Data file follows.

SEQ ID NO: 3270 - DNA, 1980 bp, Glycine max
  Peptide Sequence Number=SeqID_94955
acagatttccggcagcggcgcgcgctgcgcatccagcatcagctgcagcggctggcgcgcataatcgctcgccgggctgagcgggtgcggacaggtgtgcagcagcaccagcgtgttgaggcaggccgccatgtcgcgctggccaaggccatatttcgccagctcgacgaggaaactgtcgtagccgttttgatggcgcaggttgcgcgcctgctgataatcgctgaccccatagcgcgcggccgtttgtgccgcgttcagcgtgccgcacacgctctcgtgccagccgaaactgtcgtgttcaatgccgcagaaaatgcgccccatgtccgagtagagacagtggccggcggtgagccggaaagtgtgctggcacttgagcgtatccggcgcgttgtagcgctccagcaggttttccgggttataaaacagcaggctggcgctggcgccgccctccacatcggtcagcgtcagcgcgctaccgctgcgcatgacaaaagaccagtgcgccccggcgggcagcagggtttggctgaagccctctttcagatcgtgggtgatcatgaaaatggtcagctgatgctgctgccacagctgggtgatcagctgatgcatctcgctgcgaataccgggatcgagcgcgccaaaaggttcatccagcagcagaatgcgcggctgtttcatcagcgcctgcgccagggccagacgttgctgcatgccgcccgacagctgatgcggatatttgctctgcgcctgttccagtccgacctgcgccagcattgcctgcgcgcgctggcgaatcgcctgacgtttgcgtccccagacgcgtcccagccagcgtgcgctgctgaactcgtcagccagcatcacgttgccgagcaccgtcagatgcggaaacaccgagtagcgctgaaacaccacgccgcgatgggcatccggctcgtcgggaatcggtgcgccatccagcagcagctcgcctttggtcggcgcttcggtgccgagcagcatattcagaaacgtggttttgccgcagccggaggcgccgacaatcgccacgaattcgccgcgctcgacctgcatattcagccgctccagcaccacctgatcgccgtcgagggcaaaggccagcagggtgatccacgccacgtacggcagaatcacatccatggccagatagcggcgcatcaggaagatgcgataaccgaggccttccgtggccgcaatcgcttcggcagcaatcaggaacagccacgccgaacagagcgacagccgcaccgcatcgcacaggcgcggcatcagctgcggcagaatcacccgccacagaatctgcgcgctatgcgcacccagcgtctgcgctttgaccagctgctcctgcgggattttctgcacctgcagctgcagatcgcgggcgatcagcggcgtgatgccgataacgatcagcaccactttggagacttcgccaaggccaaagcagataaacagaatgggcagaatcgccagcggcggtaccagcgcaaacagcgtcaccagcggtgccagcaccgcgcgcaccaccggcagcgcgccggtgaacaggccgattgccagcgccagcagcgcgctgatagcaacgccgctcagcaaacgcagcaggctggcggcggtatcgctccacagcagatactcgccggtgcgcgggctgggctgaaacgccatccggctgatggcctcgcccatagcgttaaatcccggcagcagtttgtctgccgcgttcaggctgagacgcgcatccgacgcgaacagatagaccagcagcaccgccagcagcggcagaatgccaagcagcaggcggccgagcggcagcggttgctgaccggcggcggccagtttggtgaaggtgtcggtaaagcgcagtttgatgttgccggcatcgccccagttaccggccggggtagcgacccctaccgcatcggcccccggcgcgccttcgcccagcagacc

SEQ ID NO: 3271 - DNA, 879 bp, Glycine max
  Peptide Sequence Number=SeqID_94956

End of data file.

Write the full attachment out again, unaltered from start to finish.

SEQ ID NO: 3270 - DNA, 1980 bp, Glycine max
  Peptide Sequence Number=SeqID_94955
acagatttccggcagcggcgcgcgctgcgcatccagcatcagctgcagcggctggcgcgcataatcgctcgccgggctgagcgggtgcggacaggtgtgcagcagcaccagcgtgttgaggcaggccgccatgtcgcgctggccaaggccatatttcgccagctcgacgaggaaactgtcgtagccgttttgatggcgcaggttgcgcgcctgctgataatcgctgaccccatagcgcgcggccgtttgtgccgcgttcagcgtgccgcacacgctctcgtgccagccgaaactgtcgtgttcaatgccgcagaaaatgcgccccatgtccgagtagagacagtggccggcggtgagccggaaagtgtgctggcacttgagcgtatccggcgcgttgtagcgctccagcaggttttccgggttataaaacagcaggctggcgctggcgccgccctccacatcggtcagcgtcagcgcgctaccgctgcgcatgacaaaagaccagtgcgccccggcgggcagcagggtttggctgaagccctctttcagatcgtgggtgatcatgaaaatggtcagctgatgctgctgccacagctgggtgatcagctgatgcatctcgctgcgaataccgggatcgagcgcgccaaaaggttcatccagcagcagaatgcgcggctgtttcatcagcgcctgcgccagggccagacgttgctgcatgccgcccgacagctgatgcggatatttgctctgcgcctgttccagtccgacctgcgccagcattgcctgcgcgcgctggcgaatcgcctgacgtttgcgtccccagacgcgtcccagccagcgtgcgctgctgaactcgtcagccagcatcacgttgccgagcaccgtcagatgcggaaacaccgagtagcgctgaaacaccacgccgcgatgggcatccggctcgtcgggaatcggtgcgccatccagcagcagctcgcctttggtcggcgcttcggtgccgagcagcatattcagaaacgtggttttgccgcagccggaggcgccgacaatcgccacgaattcgccgcgctcgacctgcatattcagccgctccagcaccacctgatcgccgtcgagggcaaaggccagcagggtgatccacgccacgtacggcagaatcacatccatggccagatagcggcgcatcaggaagatgcgataaccgaggccttccgtggccgcaatcgcttcggcagcaatcaggaacagccacgccgaacagagcgacagccgcaccgcatcgcacaggcgcggcatcagctgcggcagaatcacccgccacagaatctgcgcgctatgcgcacccagcgtctgcgctttgaccagctgctcctgcgggattttctgcacctgcagctgcagatcgcgggcgatcagcggcgtgatgccgataacgatcagcaccactttggagacttcgccaaggccaaagcagataaacagaatgggcagaatcgccagcggcggtaccagcgcaaacagcgtcaccagcggtgccagcaccgcgcgcaccaccggcagcgcgccggtgaacaggccgattgccagcgccagcagcgcgctgatagcaacgccgctcagcaaacgcagcaggctggcggcggtatcgctccacagcagatactcgccggtgcgcgggctgggctgaaacgccatccggctgatggcctcgcccatagcgttaaatcccggcagcagtttgtctgccgcgttcaggctgagacgcgcatccgacgcgaacagatagaccagcagcaccgccagcagcggcagaatgccaagcagcaggcggccgagcggcagcggttgctgaccggcggcggccagtttggtgaaggtgtcggtaaagcgcagtttgatgttgccggcatcgccccagttaccggccggggtagcgacccctaccgcatcggcccccggcgcgccttcgcccagcagacc

SEQ ID NO: 3271 - DNA, 879 bp, Glycine max
  Peptide Sequence Number=SeqID_94956